A few months back, Toronto's deputy mayor started a political flap stating on the floor of city council that downtown was no place to raise kids. "Where's little Ginny? Well, she's downstairs playing in the traffic on her way to the park," he said.
Flap, indeed. Urbanists and parents alike were quick to denounce the comment, including me. In a way though, we might thank the deputy mayor for saying candidly what unfortunately many politicians, and many parents, still think.
I heard a similar message stated with great conviction from a San Francisco urbanist who shared a panel with me at a Rotterdam cities conference. Downtown will never attract families, he proclaimed.
I heard it recently on a tour of Seattle's downtown. Do downtowns really need families to be successful neighbourhoods, they asked? What's wrong with mostly singles and seniors, and lots of 'em?
Having considered this issue in dozens of downtowns I've worked in, I keep coming back to an old saying amongst urbanists: "Kids are the indicator species of a great neighbourhood."
The truth is that many downtowns are currently not great places to raise families, because they aren't designed to be. It's a self-fulfilling prophecy. A city and building industry gives up on kids downtown, so no one designs and plans for them. No schools. Little daycare. No playgrounds, facilities or basic public environment to make downtown kid or teenager-friendly. Most importantly, no homes built to actually fit a family. Perhaps a couple, but as soon as baby comes, they start planning the move. This perpetuates the myth that families would never want to live downtown.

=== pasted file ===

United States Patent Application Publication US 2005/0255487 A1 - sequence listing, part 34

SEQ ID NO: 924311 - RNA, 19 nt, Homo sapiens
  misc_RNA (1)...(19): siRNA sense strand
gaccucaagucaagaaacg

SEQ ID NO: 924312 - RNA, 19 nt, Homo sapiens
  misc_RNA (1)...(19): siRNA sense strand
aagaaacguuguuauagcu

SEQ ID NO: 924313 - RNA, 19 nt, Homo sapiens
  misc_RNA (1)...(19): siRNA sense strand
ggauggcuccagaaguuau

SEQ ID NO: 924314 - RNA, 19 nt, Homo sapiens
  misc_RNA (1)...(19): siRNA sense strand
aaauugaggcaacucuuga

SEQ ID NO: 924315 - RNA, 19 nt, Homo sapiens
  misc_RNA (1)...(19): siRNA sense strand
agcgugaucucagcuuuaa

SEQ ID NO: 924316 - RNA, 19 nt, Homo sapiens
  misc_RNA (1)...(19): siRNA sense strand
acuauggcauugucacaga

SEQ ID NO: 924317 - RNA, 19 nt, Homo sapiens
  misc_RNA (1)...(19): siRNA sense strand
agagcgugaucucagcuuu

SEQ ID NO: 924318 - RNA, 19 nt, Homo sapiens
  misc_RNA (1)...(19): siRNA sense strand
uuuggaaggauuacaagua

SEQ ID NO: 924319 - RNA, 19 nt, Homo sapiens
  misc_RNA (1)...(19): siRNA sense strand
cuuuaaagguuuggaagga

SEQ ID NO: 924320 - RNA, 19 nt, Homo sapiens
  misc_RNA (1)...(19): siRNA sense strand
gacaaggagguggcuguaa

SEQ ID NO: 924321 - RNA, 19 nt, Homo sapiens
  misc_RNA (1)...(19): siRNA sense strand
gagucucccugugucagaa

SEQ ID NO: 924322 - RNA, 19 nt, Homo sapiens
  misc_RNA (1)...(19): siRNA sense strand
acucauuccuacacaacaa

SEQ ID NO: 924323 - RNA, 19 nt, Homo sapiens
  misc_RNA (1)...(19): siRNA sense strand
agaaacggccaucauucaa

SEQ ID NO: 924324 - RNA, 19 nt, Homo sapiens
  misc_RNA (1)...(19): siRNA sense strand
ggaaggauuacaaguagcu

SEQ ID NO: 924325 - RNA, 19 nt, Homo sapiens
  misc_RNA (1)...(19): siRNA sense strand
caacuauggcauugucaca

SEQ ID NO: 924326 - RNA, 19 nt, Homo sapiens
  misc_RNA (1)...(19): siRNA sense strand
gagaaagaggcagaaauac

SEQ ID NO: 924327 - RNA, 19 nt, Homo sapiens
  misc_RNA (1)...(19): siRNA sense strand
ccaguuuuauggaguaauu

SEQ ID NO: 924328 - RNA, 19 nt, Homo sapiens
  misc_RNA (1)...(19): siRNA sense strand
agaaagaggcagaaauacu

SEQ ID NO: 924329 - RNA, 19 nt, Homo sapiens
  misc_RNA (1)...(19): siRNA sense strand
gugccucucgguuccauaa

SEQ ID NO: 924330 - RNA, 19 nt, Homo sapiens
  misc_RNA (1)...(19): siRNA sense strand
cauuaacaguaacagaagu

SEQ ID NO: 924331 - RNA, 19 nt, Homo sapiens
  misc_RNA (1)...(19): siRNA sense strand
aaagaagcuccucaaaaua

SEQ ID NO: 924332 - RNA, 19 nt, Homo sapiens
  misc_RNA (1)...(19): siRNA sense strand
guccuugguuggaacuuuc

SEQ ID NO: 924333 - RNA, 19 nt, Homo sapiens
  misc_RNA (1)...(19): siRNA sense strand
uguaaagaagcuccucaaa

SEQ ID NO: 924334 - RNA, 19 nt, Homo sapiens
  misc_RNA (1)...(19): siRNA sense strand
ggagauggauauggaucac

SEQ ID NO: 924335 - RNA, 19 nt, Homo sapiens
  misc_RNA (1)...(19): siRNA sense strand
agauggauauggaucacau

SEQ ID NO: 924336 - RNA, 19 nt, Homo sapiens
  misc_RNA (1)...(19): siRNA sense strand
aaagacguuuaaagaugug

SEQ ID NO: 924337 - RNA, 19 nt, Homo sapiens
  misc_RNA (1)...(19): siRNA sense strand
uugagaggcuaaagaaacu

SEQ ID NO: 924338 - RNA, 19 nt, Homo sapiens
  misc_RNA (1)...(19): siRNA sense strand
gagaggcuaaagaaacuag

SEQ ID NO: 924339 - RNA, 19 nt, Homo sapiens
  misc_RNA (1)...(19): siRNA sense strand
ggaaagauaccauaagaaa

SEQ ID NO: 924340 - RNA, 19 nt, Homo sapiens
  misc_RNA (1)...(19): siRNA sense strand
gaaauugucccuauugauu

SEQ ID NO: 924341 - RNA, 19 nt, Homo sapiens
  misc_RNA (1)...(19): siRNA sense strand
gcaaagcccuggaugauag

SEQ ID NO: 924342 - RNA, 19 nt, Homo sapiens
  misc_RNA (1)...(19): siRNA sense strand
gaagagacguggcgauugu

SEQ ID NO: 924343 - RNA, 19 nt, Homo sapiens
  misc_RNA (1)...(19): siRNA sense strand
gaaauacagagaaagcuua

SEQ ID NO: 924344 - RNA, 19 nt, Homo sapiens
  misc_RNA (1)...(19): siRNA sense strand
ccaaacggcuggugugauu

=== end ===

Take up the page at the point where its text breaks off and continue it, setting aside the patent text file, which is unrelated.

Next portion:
My good friend Peter Rees, the chief planner for London, England, once proclaimed to a New York audience we were jointly presenting to, that "kids kill downtowns," referring to the NIMBY that can result when families complain about noise from nightlife and such. Although his point is valid, the success we've had in our Vancouver downtown in mixing families, nightlife and urban energy by artful design says otherwise. Is it perfect? Far from it, and there are indeed tensions, but what it is, is urban, vital, and diverse - what downtowns should be.
So should we want families downtown?
I strongly believe we do. They're a big part of complete, mixed, vibrant and lively downtown neighbourhood. Singles, couples and seniors downtown are great, but kids and baby-strollers make communities more real, more human. They also support a broader local economy, and make the community safer.
Cities across North America and the world are having that tough discussion about what it really takes to attract families downtown. Oslo, Norway mandates that half of all new homes be sized for three bedrooms/families. Minneapolis's mayor has been asking the tough questions around attracting kids downtown. And Edmonton's mayor hopes that their development of former inner city airport lands will specifically attract families. And there's the debate in Toronto.